Writing Realistic Fiction This anchor chart reminds upper elementary students how to create realistic stories. They would often ask to begin their rough drafts, and I allowed it. The drafting stage can be a little longer depending on how quickly students write that varies a lot!
Conclusions Anchor Chart With conclusions, our anchor charts once again were put to good use. Understanding Character Before you can writer about character, you first have to understand it.
Tactile learners can write their first drafts on sentence strips and use this format to put the events in order before they transcribe their work onto writing paper. OREO Opinions This deliciously inspired opinion anchor chart can be used by students in grades 3—5 during writers workshop, or when developing an opinion for discussion or debate.
Keep this chart writing a good conclusion anchor chart by updating the examples with student work throughout the year. Use this anchor chart to remind your students that they have lots of good writing options. Personal Narrative Personal narrative is a style that all students will practice in elementary school.
Six Traits of Writing This anchor chart is jam-packed with things for fourth- and fifth-grade writers to remember about the six traits of writing. This anchor chart will help your young writers understand the difference between inside and outside characteristics.
The final section of the graphic organizer is on crafting a strong conclusion to our essay. This one will cost you just a bit, but the price in my opinion: This chart could be used to support paragraph writing or essays. In kindergarten, this will also showcase how students move from prewriting and pictures to writing words and sentences.
Here are 25 of our favorite anchor charts for teaching writing. From the same source that gave me a great writing hook chart came another one about clever conclusions. I revised the organizer accordingly. It really walks your students through so they have all the elements they need to create their own story.
Student Reporters This anchor chart, best for K—2, is made relevant with examples of student work, in this case a fantastic ladybug report. This is the fun part, though! Informational Writing Focus upper elementary students on the most important aspects of informational writing while keeping them organized.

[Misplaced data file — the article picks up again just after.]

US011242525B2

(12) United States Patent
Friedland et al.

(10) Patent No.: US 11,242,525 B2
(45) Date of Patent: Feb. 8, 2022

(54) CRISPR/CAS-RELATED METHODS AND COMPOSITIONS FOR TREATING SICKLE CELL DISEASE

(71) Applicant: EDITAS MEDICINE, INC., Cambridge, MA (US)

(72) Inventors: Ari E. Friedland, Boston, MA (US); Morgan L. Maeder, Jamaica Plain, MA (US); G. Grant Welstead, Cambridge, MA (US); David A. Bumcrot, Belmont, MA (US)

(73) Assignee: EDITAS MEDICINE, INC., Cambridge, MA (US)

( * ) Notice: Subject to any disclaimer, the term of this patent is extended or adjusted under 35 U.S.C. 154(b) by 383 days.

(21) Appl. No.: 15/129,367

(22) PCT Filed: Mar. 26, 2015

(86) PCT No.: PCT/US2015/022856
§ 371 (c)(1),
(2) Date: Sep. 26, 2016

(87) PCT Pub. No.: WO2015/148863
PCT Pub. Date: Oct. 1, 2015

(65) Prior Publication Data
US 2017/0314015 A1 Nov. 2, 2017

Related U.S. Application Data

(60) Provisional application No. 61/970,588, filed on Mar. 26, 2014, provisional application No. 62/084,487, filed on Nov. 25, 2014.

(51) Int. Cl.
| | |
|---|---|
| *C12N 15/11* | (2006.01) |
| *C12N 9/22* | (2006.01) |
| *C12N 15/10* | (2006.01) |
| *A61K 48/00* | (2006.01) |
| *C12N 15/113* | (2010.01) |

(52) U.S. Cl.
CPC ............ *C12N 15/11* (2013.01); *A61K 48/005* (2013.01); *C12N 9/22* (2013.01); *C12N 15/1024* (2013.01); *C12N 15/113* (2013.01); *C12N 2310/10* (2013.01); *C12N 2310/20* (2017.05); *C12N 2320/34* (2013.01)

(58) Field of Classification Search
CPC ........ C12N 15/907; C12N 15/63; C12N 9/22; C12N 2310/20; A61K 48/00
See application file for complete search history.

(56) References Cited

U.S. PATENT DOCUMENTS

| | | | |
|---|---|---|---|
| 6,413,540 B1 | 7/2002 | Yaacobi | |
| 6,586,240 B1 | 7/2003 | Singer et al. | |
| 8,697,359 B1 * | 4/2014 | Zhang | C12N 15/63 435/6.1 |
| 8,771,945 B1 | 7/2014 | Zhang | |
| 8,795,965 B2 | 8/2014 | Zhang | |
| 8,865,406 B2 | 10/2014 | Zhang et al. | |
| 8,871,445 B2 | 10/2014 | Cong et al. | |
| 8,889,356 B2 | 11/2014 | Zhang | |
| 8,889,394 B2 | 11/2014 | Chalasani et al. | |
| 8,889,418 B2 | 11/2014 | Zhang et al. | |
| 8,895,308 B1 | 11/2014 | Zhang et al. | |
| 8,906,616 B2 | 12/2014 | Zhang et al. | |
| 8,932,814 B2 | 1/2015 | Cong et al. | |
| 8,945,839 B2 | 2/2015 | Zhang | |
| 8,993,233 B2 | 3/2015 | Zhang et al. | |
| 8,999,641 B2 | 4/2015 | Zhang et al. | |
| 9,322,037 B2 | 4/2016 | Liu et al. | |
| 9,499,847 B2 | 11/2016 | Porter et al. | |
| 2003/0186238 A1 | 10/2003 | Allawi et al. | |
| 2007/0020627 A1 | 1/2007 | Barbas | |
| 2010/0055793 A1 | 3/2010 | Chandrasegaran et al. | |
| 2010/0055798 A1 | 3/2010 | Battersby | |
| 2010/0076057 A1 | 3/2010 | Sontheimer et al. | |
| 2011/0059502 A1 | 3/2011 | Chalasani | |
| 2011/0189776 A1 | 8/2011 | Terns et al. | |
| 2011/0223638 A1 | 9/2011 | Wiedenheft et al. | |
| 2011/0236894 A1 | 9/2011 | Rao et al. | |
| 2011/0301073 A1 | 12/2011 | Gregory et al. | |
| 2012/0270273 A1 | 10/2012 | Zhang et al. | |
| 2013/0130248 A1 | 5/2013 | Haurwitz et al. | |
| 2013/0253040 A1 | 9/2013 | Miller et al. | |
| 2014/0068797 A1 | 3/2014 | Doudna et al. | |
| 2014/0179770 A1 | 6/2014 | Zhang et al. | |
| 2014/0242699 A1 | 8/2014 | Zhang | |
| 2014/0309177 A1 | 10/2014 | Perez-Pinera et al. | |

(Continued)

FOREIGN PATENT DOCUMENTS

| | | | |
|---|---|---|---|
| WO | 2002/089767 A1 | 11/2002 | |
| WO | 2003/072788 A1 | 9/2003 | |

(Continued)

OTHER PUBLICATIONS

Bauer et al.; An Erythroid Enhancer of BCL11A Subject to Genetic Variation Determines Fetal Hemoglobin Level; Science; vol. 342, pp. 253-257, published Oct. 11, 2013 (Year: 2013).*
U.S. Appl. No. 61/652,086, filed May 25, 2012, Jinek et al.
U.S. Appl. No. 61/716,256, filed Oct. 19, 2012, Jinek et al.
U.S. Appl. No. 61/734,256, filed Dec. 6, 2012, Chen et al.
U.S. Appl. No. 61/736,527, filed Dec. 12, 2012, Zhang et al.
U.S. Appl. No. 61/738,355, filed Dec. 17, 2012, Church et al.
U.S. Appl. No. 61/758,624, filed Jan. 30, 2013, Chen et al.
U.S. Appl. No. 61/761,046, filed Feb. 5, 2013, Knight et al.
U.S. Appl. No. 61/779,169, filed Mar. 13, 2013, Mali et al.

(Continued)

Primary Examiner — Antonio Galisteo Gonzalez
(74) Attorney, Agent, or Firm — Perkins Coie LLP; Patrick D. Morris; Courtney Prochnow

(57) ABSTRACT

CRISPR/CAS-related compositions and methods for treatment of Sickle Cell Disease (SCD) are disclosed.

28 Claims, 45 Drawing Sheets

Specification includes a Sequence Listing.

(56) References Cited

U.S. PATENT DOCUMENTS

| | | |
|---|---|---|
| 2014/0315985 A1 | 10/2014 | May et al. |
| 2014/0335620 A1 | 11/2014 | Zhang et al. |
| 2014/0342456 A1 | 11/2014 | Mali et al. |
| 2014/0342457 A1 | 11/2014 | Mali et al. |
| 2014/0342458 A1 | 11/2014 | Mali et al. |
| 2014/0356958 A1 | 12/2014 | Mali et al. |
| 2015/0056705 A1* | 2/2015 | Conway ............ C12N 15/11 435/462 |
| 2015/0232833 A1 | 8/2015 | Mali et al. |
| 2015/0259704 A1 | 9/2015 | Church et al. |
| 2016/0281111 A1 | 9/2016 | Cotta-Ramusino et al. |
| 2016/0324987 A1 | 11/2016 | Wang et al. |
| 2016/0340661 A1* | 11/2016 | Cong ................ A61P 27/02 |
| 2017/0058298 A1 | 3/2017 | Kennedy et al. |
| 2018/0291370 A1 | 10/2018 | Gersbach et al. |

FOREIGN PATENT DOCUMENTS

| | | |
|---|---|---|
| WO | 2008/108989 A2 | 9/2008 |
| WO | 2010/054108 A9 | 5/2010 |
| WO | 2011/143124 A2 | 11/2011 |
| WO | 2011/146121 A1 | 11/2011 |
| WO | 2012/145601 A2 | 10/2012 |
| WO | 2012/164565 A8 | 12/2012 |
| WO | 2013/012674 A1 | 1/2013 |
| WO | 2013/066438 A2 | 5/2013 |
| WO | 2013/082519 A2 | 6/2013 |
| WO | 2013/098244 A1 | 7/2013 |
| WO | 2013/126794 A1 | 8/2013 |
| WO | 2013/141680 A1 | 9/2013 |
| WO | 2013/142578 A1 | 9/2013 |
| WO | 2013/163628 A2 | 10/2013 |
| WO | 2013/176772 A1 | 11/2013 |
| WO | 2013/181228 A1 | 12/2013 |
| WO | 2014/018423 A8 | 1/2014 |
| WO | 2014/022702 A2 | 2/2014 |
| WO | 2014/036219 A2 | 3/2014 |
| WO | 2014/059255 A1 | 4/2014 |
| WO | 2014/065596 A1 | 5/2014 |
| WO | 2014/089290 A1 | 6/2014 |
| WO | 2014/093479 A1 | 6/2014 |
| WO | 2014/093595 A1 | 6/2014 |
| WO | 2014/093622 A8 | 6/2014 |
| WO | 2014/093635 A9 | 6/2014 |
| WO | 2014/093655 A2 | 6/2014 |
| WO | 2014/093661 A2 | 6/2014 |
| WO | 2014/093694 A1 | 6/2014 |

Fortunately, being a reflective educator, I quickly saw my mistake and took necessary steps to correct it. Use the chart as a whole-class reference, or laminate it to use with a small group.
Moving On in the Writing Process The longer we studied opinion writing, the better the students were at completing the graphic organizers. Without such a re-statement, the endings were very abrupt and choppy.
One way to adapt this chart as students develop their understanding of argument is to write each element—claim, argument, evidence—under a flap that students can lift if they need a reminder.
Why Writers Write First and second graders will draw inspiration from this fun-filled anchor chart about why we write. She has several great writing anchor charts available for teachers.
This website has some great worksheets to use with your students to prepare them to write their personal narrative. It often helped to have given some kids a bit of a head start with their drafts. Write from the Heart Sometimes the hardest part about writing is coming up with who and what you should write about.
Then all your students can reference this anchor chart to keep them on task. Make this chart applicable to older students by expanding on each aspect with a specific audience or goal. I revised the graphic organizer with a reminder for students to include their opinion one more time in the conclusion.
This anchor chart is a wonderful idea because students can write their idea on a sticky and then add it. Diving Deeper into Character Now that your students understand inside vs. WeAreTeachers Staff on September 12, Anchor charts are a great way to make thinking visible as you record strategies, processes, cues, guidelines and other content during the learning process.I found a beautiful anchor chart (actually, this site has TONS of beautiful anchor charts!) that captured some of the best ways to end a piece of writing.
I used most of them in my packet and included the little doodle guys doing something similar to what the strategy is. Conclusions Anchor Chart. With conclusions, our anchor charts once again were put to good use.
From the same source that gave me a great writing hook chart came another one about clever conclusions. This one will cost you just a bit, but the price (in my opinion:)) is worth it considering how much use it gets in my classroom.
When you’re writing a good conclusion paragraph, you need to think about the main point that you want to get across and be sure it’s included. If you’ve already written a fabulous introductory paragraph, you can write something similar with different wording.
Writing conclusion anchor chart revise up, but good ideas for narrative. Find this Pin and more on School: Find this Pin and more on School: Writing Leads & Conclusions by Cindy Waleri. A teacher of 14 years with 3 years in grade, 2 years in grade, 8 years in grade, and 1 year in grade.
Writing Anchor Chart Ideas All this week, we will be featuring anchor charts to help you in your classrooms this year.
First up, anchor charts for your writer’s workshops and writing activities. This handout will explain the functions of conclusions, offer strategies for writing effective ones, help you evaluate drafts, and suggest what to avoid. It is also your opportunity to make a good final impression and to end on a positive note.
Strategies for writing an effective conclusion.Download